Conference Dates

June 6-11, 2010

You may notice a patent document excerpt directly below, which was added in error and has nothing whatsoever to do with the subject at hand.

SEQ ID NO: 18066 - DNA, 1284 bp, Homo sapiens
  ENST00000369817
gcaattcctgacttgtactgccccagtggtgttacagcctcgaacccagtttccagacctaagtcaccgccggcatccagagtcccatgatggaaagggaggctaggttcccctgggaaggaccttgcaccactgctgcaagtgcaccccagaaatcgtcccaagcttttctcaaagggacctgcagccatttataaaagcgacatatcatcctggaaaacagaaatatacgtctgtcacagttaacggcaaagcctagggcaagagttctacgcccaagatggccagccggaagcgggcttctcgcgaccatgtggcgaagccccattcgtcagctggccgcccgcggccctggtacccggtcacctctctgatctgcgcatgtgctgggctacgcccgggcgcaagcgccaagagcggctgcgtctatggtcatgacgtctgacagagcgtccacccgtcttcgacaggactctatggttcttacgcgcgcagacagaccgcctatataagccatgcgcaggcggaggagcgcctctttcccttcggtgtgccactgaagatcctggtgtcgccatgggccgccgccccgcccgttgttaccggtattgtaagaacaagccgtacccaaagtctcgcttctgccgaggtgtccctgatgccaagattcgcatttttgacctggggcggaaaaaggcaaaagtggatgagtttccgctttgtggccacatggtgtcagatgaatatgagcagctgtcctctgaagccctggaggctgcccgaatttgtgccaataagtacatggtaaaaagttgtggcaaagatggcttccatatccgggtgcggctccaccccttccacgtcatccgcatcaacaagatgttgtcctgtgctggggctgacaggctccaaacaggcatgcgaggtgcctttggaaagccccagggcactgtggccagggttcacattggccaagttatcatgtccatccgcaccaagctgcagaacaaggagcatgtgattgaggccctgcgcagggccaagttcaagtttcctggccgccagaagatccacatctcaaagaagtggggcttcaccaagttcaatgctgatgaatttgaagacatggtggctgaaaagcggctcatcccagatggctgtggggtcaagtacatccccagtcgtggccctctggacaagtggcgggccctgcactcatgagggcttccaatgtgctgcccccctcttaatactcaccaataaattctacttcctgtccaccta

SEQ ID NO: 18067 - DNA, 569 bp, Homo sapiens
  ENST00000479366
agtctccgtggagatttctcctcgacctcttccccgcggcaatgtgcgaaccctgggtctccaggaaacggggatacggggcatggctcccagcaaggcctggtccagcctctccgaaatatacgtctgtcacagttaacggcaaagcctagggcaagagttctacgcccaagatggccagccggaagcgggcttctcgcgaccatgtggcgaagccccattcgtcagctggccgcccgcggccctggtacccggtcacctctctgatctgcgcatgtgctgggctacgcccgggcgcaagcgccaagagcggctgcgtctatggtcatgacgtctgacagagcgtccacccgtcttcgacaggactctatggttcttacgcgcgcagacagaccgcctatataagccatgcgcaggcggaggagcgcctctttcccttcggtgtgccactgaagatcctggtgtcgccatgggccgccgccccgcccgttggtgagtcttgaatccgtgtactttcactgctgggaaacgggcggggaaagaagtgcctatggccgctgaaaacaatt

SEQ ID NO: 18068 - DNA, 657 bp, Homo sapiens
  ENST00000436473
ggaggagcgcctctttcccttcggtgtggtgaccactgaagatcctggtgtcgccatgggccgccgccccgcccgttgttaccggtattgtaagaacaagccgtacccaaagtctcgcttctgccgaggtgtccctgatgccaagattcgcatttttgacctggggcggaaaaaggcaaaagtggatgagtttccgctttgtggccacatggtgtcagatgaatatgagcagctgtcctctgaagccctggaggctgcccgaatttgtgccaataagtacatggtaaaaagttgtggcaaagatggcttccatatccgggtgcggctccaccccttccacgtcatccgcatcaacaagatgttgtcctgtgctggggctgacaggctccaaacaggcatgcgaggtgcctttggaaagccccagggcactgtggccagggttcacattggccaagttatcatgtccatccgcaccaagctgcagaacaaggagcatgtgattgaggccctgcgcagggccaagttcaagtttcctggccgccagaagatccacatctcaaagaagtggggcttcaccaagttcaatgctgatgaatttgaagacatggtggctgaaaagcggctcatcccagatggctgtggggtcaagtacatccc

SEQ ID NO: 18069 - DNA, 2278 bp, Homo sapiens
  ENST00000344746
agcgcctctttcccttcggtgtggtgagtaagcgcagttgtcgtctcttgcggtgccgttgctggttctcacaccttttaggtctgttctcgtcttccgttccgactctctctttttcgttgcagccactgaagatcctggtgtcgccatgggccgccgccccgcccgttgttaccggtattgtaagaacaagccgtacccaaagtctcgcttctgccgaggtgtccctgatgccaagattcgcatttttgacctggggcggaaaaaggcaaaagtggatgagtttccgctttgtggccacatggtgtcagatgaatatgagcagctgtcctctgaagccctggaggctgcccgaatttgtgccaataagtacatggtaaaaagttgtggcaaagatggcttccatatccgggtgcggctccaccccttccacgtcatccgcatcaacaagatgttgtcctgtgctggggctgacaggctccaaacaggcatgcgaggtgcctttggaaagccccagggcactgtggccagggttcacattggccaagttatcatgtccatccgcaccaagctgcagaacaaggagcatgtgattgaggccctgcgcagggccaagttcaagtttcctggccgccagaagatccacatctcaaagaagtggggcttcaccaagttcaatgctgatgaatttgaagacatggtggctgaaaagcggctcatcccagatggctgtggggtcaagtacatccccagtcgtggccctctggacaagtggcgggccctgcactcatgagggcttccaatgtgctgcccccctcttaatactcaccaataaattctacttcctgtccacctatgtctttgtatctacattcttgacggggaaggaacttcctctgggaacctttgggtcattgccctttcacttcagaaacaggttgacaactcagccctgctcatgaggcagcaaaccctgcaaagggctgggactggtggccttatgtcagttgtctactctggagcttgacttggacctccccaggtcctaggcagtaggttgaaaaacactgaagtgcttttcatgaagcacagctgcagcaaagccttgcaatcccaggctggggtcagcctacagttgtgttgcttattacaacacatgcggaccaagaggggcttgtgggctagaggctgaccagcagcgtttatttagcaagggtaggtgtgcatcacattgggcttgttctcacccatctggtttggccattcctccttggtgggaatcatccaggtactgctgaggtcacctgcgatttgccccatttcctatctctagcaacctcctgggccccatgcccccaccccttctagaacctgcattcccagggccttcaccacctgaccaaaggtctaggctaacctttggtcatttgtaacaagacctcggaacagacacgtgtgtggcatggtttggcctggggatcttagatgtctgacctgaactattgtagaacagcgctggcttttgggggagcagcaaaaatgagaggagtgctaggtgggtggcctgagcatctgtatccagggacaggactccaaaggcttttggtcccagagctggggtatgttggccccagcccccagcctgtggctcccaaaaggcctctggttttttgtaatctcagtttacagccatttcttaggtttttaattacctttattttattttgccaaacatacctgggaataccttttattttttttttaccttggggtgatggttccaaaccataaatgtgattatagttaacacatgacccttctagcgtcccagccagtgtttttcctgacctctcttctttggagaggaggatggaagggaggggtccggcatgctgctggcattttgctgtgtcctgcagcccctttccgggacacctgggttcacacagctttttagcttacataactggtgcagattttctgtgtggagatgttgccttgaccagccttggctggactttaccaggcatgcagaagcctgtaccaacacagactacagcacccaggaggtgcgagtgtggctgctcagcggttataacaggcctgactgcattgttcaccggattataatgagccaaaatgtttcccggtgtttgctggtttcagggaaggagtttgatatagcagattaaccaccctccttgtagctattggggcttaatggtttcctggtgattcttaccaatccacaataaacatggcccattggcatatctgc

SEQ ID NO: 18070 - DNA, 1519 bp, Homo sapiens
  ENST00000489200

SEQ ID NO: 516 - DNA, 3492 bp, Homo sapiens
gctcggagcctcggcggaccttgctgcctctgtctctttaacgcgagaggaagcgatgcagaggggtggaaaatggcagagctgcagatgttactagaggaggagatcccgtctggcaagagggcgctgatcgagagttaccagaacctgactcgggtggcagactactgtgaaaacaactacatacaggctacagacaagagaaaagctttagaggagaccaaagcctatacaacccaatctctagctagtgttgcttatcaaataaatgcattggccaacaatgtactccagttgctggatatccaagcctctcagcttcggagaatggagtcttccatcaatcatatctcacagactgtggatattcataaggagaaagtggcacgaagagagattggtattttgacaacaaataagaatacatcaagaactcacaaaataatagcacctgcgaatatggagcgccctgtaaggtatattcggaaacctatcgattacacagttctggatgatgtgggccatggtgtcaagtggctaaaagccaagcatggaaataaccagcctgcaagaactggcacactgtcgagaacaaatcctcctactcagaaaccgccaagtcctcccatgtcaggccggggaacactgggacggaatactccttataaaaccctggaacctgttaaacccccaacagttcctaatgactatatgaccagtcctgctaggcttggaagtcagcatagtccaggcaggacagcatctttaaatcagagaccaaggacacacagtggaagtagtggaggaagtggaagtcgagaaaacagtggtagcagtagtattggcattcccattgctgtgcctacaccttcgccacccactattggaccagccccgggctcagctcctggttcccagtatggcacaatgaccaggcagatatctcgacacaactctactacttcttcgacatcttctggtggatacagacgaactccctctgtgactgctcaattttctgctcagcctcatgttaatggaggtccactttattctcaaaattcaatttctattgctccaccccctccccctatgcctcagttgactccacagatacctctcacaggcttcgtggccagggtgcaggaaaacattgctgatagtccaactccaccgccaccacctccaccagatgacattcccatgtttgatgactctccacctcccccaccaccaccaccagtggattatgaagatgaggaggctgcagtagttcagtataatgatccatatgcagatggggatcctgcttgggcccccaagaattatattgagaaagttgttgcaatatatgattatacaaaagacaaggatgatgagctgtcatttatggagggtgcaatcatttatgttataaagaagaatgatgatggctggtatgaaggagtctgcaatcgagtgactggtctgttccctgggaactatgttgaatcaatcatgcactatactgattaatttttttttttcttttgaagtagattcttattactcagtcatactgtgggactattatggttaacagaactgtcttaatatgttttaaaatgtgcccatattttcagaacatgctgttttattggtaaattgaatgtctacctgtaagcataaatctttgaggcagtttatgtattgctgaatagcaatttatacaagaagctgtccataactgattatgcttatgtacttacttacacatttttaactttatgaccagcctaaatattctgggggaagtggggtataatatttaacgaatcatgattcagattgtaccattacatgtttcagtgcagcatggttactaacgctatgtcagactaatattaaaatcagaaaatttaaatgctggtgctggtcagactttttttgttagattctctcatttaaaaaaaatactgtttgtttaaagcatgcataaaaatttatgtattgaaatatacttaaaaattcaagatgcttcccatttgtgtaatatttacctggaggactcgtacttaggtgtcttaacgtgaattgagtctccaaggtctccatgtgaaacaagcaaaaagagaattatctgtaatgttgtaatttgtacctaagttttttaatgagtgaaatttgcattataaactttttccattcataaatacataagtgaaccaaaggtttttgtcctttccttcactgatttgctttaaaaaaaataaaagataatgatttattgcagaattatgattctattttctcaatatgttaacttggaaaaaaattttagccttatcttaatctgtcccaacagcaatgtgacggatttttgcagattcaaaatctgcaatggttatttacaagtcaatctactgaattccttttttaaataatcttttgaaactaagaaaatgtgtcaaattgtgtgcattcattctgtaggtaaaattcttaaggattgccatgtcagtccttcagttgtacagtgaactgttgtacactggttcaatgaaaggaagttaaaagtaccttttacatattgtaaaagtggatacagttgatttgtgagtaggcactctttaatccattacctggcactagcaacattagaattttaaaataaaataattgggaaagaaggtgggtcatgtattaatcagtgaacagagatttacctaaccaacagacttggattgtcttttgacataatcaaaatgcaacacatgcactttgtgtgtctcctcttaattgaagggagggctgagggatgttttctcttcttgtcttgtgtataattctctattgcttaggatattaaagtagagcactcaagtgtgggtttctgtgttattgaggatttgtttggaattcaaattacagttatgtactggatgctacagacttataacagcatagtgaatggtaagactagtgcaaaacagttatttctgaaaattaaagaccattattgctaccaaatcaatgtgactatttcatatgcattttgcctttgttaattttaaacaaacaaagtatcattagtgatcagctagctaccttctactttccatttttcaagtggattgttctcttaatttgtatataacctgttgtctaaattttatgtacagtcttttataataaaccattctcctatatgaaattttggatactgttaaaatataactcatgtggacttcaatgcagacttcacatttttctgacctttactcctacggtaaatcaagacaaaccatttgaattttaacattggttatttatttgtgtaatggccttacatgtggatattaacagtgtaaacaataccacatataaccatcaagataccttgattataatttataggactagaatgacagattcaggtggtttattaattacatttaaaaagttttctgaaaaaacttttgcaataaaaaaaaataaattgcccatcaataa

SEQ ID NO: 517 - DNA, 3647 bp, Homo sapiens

The development of a Plasmodium falciparum malaria vaccine is critical for future control and elimination programs. Recombinant protein based chemical conjugate vaccines, covering different parasite stages, are being developed due to complexity of the parasite and sub-optimal immunogenicity of recombinant malaria proteins in humans, respectively. Chemical conjugation of recombinant malaria proteins to carrier proteins improves their immunogenicity in animal studies. A transmission blocking vaccine comprised of the ookinete protein Pfs25 chemically conjugated to Pseudomonas aeruginosa ExoProtein A (EPA) is currently being developed for pilot scale cGMP production. Bulk lots of Pfs25 and EPA have already been produced and released following cGMP. Appropriate analytical assays are being evaluated for both in-process and bulk release of the Pfs25-EPA conjugate vaccine. One critical assay already evaluated for determining the average mass is analytical size exclusion HPLC coupled with multi-angle light scattering. Phase 1 human clinical trials are planned for 2011. Another biological target of interest is the circumsporozoite protein (CSP), the most abundant and immunogenic protein on the surface of the sporozoite. A recombinant nearly full-length CSP has been produced in the methylotrophic yeast Pichia pastoris containing a bioengineered free thiol for chemical conjugation to various carrier proteins, including a chemically conjugated form of Pfs25. This recombinant protein based chemical conjugation platform, in combination with better adjuvant selection, will improve the potential for developing an efficacious malaria vaccine.